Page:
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SUSE Linux Enterprise 15 Prepares HPC Module

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  • SUSE Linux Enterprise 15 Prepares HPC Module

    Phoronix: SUSE Linux Enterprise 15 Prepares HPC Module

    The upcoming release of SUSE Linux Enterprise 15 is offering an HPC (High Performance Computing) module for development, control, and compute nodes. Today that SLE15-HPC module is now available in beta...

    http://www.phoronix.com/scan.php?pag...nux-SLE-15-HPC

  • #2
    These days it is pretty simple to "roll your own" HPC so it is interesting that this is still a business model for them. Inertia I guess, since some major HPC names still use Suse as a base on their clusters (Cray comes to mind).

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    • #3
      Originally posted by pegasus View Post
      These days it is pretty simple to "roll your own" HPC so it is interesting that this is still a business model for them. Inertia I guess, since some major HPC names still use Suse as a base on their clusters (Cray comes to mind).
      certifications are still a thing, I guess.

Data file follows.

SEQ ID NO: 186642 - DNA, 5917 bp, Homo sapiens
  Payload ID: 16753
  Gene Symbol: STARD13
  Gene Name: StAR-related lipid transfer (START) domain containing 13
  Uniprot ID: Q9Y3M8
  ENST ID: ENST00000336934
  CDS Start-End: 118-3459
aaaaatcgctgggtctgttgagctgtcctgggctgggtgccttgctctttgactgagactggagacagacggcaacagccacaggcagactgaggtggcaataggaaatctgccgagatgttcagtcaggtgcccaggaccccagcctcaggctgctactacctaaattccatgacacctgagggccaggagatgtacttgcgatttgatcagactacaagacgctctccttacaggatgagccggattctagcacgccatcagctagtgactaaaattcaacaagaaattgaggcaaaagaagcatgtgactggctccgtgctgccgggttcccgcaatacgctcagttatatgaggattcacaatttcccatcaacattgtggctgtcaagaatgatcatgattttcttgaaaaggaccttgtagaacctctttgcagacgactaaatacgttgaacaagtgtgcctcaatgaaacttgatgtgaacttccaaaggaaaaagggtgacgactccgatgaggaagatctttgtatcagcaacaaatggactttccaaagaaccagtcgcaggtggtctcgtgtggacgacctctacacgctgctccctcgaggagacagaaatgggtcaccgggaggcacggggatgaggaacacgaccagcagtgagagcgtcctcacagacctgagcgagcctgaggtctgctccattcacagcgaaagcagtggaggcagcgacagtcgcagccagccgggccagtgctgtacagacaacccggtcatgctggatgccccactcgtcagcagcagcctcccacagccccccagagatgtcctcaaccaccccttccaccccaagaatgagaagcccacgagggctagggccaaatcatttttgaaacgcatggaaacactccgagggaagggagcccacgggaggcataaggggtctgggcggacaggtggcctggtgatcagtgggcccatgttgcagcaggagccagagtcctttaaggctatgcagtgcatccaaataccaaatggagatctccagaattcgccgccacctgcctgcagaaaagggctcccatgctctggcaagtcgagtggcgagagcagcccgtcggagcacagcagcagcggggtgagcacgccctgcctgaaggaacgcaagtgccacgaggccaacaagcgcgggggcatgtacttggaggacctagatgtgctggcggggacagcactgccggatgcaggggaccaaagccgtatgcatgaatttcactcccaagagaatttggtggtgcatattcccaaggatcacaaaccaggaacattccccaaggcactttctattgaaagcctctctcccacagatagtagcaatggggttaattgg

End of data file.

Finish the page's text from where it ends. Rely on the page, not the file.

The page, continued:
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      • #4
        Could be ... Maybe I'm just lucky that the clusters I've worked on and am still working are mostly academic and require next to nothing in terms of licensed software and certifications.

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        • #5
          Originally posted by pegasus View Post
          Could be ... Maybe I'm just lucky that the clusters I've worked on and am still working are mostly academic and require next to nothing in terms of licensed software and certifications.
          I would imagine that the support contracts are the most important aspect. Institutions aren't as likely to plow 6-figure or 7-figure budgets into DIY clusters with no possibility of a support contract.

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          • #6
            Then I'm for sure lucky, since I run 7-figure budget & cluster in DIY mode with very happy users

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            • #7
              Originally posted by andyprough View Post
              I would imagine that the support contracts are the most important aspect. Institutions aren't as likely to plow 6-figure or 7-figure budgets into DIY clusters with no possibility of a support contract.
              It's actually the other way around imho.

              Companies have something to lose, institutions don't (their grants still come at regular intervals even if their cluster crashed and burned in very inappropriate times).

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